Curradrolan Hill

IMG_2042donesmall

At the summit of Curradrolan Hill, looking towards Crockdooish.

 

 

There was still enough snow about to make access by road to the bigger mountains problematic, so a few days after being up Curraghchosaly Mountain and Gortmonly Hill, I again made for one of the smaller outliers in the Sperrin Mountains, the 270m high Curradrolan Hill.  There was also still the chance of “thundersnow” and after nearly being struck by lightning on Gortmonly Hill, I was still a bit wary, and wanted a hill that I could get down quickly!  Curradrolan was perfect, as I was able to park on a road that traversed the lower slopes.

 

As I set off, the weather was actually really good, and I immediately encountered the first point of interest, a megalithic portal tomb, between 4000 and 4500 years old.

 

 

IMG_1874donesmall

 

 

There were also instant views down over Lough Ash at the bottom of the hill, and beyond to larger Sperrin hills and mountains.

 

 

IMG_1927donesmall

 

 

 

IMG_1933donesmall

 

 

 

IMG_1935small

Crockdooish Hill, which I would also visit in the near future – the subject of a future post too.

 

 

IMG_1939adonesmall

A little mini cliff to be negotiated on the way to the top.

 

 

IMG_1947donesmall

 

 

 

IMG_1957donesmall

 

 

 

IMG_1964donesmall

Lough Ash.

 

 

IMG_1968donesmall

 

 

 

IMG_1972donesmall

 

 

 

IMG_1981donesmall

As I mentioned, my experience on Gortmonly Hill (see previous post) was still fresh enough in my mind to make me wary of lightning, and I nervously kept an eye on distant stormclouds.  They kept their distance however, and I knew I could get down the small hill in minutes if needed.

 

 

It didn’t take long – ten or fifteen minutes, to get to the top and a small cairn.

 

 

IMG_2003small

 

 

From here, for such a small hill, the views were magnificent, taking in the surrounding hills and mountains, particularly the main Sperrin ridge.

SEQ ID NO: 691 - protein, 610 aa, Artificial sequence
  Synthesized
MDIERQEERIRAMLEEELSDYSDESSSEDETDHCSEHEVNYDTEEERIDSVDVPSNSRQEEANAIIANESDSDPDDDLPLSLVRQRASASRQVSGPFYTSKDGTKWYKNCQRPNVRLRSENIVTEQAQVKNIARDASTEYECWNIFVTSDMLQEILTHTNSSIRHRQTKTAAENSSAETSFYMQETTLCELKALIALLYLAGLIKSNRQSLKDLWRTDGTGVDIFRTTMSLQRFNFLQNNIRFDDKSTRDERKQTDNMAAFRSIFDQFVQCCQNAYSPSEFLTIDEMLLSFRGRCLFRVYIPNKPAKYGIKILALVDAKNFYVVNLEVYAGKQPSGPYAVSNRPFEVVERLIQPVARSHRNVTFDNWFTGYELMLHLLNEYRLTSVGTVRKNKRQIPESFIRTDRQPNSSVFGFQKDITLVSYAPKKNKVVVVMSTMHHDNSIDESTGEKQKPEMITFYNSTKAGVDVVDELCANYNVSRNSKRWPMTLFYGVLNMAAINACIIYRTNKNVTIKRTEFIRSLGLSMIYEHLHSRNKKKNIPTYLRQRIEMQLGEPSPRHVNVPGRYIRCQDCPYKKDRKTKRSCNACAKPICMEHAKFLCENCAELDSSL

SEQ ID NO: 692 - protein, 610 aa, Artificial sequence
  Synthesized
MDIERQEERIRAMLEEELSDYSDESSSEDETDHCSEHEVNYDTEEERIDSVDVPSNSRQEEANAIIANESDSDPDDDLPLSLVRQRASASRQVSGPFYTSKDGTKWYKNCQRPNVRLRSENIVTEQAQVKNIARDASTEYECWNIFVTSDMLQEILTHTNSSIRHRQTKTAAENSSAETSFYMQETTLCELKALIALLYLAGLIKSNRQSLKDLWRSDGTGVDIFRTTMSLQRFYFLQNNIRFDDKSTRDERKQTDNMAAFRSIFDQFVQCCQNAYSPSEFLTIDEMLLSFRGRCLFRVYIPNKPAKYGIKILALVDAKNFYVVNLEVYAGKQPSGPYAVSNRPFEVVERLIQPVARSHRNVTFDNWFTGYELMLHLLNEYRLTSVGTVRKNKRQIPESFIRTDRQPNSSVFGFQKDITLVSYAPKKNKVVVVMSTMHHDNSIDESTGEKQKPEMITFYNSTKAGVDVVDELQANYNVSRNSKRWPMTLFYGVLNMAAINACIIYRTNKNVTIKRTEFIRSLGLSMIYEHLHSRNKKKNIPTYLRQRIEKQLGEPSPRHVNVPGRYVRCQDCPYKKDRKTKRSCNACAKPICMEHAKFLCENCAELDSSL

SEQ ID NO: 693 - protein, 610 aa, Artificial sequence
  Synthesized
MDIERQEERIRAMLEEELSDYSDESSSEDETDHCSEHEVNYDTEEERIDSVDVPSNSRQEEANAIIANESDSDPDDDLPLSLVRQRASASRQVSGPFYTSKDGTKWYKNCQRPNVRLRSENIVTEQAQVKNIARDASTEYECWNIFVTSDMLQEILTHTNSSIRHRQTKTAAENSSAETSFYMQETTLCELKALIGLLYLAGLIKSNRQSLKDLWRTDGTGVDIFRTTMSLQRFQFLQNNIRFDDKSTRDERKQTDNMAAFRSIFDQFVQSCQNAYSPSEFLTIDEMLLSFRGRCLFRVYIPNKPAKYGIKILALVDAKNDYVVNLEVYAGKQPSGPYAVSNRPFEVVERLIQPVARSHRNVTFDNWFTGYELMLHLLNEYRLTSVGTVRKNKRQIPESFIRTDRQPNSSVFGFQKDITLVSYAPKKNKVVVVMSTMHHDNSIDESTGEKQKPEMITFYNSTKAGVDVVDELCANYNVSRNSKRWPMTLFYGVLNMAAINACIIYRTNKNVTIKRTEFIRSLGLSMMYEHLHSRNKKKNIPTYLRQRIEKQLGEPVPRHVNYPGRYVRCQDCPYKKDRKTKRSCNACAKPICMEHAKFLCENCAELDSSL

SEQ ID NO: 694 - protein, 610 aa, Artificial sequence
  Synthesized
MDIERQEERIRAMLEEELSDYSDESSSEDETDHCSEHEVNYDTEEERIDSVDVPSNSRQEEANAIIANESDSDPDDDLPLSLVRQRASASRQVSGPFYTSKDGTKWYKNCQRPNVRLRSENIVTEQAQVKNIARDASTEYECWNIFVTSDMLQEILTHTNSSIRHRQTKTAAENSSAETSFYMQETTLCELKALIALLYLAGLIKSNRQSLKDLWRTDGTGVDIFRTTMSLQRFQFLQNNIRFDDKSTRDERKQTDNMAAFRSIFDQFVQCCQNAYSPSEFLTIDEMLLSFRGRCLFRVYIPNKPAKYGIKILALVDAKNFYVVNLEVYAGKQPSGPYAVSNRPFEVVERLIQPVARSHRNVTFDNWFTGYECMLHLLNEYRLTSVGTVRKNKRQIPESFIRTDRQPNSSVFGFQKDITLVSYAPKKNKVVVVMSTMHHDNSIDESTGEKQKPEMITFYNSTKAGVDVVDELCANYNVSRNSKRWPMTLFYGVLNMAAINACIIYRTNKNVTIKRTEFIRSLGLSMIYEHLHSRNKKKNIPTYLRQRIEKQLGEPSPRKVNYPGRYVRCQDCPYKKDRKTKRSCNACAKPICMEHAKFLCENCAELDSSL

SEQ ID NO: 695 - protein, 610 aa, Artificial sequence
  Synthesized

IMG_2010donesmall

The snow-capped Sperrins.

 

 

IMG_2021donesmall

 

 

Up here, I also came across the grisly remains of what was probably a lamb, but looked like some bizarre crustacean from the seabed.

 

 

IMG_2033small

 

 

 

IMG_2041small

 

 

 

IMG_2053donesmall

 

 

 

IMG_2061small

This point looked to be a little higher than the cairn.

 

 

IMG_2068donesmall

The main Sperrin range in the distance.

 

 

IMG_2080donesmall

 

 

 

IMG_2092donesmall

 

 

 

IMG_2099donesmall

Starting back down again.

 

 

IMG_2110donesmall

 

 

 

IMG_2113donesmall

 

 

 

IMG_2131small

 

 

 

IMG_2138small

 

 

 

IMG_2149small

 

 

 

IMG_2154small

 

 

 

IMG_2165small

Some rabbit or hare tracks, probably rabbit judging by the size, but I wouldn’t know enough to be sure.

 

 

IMG_2174small

 

 

Back down at the portal tomb, next to the road, I took a bit of time now to take a closer look.  When it was excavated, the cremated remains of three people were found in the tomb.

 

 

IMG_2188donesmall

 

 

 

IMG_2191donesmall

 

 

 

IMG_2196small

 

 

And that was it for Curradrolan – a very short walk, but on the plus side, the views were great, the tomb was fascinating, and I wasn’t nearly killed by lightning!

 

 

8 thoughts on “Curradrolan Hill

  1. Some really lovely contrasts of colour and texture in the shots of snow, vegetation and rocks. The pictures of the portal tomb were interesting – I wonder why it was built in just that location, perhaps it was near an ancient settlement. The bony remnants of the carcass were great – the ribs did look like the many legs of a strange creature!

      1. Wouldn’t agree – your photos all seem well composed and thought out. There’s only a handful of blogs I would follow. Co Cork must be very creative 🙂

  2. Love these wintry shots, Aidy. The views look class from the top of this one. I’m pretty sure I was at that tomb (called Loughash Wedge Tomb?), but the hill wasn’t on MV then so didn’t bother with it. Hope the carcass is long gone by the time I revisit!

Leave a Reply

Fill in your details below or click an icon to log in:

WordPress.com Logo

You are commenting using your WordPress.com account. Log Out /  Change )

Google+ photo

You are commenting using your Google+ account. Log Out /  Change )

Twitter picture

You are commenting using your Twitter account. Log Out /  Change )

Facebook photo

You are commenting using your Facebook account. Log Out /  Change )

Connecting to %s